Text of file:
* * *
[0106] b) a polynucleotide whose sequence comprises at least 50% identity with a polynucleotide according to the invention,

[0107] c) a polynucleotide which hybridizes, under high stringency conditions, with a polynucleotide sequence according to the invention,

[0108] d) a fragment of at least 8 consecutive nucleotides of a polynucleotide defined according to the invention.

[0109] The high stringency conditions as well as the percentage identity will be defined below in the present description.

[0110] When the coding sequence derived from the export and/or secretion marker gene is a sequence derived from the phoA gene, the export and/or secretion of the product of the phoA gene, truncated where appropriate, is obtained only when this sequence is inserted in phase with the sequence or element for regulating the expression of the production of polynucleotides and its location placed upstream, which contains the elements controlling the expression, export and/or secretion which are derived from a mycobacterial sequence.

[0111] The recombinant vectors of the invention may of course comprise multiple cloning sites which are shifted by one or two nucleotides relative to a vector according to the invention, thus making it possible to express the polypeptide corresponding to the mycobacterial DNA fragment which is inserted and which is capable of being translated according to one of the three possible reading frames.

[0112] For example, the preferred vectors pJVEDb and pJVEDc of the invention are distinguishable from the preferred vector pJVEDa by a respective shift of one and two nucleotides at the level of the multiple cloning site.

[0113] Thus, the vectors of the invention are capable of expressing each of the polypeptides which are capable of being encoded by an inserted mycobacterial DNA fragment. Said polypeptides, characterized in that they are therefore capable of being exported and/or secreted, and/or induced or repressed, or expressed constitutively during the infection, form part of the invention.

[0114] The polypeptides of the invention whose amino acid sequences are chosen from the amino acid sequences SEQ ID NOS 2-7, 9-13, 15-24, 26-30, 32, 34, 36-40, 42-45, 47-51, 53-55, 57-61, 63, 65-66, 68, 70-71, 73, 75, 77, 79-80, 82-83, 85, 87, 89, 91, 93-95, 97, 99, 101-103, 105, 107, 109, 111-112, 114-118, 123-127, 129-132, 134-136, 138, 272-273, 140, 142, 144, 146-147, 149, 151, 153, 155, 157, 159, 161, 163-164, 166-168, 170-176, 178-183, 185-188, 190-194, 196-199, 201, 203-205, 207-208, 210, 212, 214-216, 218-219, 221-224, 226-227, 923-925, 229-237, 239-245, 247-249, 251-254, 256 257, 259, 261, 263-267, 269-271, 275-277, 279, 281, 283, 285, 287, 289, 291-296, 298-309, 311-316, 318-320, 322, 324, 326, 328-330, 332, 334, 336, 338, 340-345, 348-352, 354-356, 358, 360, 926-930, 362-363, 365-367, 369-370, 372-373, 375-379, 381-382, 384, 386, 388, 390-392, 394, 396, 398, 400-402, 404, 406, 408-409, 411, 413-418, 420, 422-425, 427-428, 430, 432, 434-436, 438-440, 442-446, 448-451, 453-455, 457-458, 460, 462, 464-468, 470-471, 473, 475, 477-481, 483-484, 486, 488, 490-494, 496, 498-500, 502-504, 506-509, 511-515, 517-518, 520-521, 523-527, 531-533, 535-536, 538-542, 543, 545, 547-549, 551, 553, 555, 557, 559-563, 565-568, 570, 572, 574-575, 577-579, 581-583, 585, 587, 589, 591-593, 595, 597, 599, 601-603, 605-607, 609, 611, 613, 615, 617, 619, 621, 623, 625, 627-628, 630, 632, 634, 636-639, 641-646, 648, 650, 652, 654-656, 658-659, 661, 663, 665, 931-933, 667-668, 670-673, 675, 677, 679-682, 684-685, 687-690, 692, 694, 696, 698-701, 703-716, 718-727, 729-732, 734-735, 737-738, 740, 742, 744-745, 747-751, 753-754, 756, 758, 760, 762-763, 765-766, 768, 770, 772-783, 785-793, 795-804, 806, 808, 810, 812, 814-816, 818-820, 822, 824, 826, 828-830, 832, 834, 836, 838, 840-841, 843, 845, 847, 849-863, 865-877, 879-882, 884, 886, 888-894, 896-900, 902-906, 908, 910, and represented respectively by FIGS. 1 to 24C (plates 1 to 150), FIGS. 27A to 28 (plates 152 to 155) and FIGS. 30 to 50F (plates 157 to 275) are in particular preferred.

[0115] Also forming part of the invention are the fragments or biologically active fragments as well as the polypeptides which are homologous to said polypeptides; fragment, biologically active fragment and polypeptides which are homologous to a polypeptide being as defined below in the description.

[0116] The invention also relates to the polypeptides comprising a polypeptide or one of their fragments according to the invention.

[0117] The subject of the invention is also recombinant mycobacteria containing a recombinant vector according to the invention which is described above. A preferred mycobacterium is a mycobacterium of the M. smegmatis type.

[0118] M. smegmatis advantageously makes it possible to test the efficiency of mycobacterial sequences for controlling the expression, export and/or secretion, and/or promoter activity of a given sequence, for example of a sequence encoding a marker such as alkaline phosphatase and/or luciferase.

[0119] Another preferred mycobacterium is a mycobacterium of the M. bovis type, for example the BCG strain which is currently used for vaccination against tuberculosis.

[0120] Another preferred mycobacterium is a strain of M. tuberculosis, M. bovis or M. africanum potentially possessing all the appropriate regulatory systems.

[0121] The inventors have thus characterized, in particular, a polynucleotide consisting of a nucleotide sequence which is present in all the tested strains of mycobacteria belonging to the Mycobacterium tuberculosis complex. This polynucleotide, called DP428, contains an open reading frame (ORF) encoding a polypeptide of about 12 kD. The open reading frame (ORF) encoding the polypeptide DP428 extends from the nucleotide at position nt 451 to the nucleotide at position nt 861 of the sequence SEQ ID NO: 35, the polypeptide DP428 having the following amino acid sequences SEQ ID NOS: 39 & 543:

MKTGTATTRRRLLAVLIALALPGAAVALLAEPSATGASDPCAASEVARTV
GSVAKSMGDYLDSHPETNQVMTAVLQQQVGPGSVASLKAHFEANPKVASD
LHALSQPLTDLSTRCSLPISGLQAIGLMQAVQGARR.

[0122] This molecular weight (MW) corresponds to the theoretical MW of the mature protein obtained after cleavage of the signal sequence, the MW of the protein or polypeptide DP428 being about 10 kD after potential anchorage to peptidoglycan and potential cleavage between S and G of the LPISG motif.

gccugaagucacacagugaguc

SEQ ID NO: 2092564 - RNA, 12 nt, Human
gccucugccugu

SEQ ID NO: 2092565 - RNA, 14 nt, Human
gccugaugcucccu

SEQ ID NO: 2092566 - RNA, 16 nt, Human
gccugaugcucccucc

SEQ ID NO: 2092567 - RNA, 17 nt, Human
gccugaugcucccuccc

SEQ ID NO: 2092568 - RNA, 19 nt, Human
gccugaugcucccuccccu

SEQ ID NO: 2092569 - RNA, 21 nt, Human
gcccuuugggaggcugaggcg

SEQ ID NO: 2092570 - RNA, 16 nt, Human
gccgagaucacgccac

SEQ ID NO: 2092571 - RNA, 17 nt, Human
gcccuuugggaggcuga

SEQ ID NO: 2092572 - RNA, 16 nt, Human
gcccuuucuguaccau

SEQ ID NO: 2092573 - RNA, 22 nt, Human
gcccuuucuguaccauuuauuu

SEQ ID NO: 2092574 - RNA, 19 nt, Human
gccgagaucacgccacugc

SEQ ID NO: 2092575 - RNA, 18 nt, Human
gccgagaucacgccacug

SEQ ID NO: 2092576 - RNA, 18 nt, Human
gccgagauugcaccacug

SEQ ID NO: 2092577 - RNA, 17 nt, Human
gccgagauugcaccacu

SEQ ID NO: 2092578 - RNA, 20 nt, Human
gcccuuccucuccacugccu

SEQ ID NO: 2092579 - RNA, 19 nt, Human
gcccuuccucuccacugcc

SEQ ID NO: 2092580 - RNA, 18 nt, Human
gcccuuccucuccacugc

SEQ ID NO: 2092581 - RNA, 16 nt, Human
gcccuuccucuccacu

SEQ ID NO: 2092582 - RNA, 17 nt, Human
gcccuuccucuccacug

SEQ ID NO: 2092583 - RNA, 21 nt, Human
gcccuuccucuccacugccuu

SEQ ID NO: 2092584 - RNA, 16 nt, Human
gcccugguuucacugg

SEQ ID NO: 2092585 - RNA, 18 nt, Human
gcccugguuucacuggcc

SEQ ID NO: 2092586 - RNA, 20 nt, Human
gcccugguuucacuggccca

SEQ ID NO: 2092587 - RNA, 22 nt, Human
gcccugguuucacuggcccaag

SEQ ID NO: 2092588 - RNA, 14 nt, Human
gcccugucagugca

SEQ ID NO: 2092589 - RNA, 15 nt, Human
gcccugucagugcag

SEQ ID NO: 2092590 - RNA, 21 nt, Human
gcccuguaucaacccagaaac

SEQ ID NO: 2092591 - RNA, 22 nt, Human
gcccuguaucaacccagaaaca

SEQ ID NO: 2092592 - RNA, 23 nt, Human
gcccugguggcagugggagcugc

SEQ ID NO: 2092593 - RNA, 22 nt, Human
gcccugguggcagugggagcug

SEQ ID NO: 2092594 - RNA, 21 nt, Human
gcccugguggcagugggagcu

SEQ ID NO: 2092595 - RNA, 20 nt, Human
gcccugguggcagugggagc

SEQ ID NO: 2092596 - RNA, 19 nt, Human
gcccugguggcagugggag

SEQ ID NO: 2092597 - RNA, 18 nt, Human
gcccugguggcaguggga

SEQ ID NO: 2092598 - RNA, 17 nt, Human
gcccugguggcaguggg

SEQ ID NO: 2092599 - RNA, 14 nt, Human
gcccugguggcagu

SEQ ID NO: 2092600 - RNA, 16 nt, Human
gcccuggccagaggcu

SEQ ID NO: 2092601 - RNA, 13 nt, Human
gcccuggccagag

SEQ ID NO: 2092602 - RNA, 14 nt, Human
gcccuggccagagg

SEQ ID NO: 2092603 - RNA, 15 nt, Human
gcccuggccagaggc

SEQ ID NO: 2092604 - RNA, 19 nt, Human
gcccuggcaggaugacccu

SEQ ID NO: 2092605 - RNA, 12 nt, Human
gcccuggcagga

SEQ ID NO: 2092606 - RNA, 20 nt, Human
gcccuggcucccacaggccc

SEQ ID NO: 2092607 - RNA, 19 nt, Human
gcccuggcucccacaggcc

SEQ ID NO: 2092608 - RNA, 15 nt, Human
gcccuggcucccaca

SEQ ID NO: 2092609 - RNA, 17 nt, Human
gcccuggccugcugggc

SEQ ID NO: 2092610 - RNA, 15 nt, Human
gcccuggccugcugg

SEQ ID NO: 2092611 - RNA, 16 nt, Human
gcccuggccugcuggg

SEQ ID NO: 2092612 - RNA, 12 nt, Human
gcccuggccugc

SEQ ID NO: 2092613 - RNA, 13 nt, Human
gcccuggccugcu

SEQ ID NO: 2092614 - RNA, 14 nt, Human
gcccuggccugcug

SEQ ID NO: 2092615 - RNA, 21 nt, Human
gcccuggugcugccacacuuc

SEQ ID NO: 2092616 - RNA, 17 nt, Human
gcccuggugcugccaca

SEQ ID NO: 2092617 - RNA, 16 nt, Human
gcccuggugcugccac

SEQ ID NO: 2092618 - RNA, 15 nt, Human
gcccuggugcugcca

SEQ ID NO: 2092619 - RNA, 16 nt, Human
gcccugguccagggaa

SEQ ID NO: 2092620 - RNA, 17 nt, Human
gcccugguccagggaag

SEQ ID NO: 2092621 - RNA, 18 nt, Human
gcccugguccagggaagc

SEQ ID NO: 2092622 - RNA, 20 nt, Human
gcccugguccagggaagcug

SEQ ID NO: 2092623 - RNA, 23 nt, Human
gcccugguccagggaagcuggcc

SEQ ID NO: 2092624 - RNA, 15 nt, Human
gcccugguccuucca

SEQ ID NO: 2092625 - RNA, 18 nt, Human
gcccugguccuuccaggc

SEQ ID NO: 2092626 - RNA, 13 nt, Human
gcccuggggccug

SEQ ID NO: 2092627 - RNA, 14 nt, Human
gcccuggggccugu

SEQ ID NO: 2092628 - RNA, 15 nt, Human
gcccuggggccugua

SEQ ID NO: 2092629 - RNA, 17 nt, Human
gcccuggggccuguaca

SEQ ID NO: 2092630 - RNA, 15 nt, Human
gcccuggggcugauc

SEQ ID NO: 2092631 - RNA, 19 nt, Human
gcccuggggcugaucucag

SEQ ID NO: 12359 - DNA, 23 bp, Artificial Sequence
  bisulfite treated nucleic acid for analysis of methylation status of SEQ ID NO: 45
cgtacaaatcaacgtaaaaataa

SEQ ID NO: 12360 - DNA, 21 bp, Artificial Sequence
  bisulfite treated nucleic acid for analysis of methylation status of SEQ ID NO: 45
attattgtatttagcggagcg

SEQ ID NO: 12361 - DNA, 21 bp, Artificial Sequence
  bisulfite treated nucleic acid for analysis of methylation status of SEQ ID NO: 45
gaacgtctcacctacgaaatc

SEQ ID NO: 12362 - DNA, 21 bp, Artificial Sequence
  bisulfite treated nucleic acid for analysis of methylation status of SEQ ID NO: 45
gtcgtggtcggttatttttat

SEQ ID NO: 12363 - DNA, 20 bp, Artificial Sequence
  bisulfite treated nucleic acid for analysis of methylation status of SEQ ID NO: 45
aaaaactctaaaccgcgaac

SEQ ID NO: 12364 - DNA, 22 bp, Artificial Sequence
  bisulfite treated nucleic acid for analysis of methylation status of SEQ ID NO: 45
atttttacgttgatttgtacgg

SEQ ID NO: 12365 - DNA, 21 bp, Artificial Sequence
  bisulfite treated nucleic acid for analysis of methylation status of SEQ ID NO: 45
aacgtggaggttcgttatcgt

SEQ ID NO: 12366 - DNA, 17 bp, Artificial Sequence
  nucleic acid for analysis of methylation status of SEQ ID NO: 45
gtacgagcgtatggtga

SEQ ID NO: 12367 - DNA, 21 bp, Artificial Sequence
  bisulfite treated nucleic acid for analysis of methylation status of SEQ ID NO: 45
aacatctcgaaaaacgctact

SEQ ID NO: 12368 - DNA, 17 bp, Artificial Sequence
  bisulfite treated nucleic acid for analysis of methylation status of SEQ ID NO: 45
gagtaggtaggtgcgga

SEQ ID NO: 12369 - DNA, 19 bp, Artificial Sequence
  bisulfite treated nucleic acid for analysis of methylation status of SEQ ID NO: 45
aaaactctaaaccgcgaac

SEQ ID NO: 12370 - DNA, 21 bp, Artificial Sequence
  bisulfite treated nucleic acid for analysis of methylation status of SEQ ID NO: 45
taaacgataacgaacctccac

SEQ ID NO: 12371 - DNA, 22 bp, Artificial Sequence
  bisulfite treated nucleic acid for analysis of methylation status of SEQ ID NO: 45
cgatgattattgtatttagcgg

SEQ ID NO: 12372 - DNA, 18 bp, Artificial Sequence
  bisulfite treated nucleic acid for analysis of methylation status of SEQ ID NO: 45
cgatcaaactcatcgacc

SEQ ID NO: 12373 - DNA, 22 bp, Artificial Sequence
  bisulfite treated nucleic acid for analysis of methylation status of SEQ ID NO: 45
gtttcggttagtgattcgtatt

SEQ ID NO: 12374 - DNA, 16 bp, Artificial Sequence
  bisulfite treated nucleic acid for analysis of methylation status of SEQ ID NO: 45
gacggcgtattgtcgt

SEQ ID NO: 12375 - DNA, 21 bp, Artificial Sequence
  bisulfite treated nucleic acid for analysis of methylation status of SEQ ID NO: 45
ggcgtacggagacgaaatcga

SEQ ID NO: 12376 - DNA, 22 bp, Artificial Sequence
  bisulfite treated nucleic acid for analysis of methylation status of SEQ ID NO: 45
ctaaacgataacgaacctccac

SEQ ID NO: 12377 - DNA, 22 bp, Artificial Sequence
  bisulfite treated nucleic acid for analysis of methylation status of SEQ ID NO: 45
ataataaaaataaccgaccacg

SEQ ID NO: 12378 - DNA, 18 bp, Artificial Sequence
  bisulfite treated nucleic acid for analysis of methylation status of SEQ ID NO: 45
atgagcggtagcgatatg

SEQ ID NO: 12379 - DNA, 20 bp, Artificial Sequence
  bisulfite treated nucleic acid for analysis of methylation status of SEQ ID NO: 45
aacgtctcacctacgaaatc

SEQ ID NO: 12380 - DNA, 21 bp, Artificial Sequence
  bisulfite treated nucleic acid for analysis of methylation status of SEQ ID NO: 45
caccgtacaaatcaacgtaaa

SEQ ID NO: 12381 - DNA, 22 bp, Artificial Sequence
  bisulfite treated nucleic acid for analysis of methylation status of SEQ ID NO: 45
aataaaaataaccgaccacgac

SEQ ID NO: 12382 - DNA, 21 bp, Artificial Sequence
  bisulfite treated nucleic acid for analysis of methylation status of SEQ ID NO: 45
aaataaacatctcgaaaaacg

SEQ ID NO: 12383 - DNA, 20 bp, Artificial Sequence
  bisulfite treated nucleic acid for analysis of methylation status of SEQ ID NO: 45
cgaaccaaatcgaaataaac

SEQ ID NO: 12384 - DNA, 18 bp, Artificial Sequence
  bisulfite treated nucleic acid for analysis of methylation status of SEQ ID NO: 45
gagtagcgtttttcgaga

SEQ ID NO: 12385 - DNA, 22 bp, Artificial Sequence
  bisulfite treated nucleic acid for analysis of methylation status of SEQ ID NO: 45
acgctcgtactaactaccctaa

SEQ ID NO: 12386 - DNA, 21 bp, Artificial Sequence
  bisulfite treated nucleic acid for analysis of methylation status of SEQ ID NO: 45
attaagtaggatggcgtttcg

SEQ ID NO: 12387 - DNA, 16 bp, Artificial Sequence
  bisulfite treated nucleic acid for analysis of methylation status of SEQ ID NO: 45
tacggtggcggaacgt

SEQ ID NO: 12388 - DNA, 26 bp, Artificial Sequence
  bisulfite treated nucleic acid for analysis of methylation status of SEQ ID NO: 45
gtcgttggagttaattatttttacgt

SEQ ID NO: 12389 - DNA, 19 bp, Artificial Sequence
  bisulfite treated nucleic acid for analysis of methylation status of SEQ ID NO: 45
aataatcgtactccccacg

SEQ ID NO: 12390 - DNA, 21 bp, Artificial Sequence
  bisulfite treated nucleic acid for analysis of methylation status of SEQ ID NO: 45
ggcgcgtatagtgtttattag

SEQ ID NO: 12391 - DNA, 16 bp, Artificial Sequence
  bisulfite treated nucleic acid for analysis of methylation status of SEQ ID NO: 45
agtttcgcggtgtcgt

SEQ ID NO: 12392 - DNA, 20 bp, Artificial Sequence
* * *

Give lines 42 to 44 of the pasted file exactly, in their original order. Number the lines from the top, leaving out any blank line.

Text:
SEQ ID NO: 2092574 - RNA, 19 nt, Human
gccgagaucacgccacugc

SEQ ID NO: 2092575 - RNA, 18 nt, Human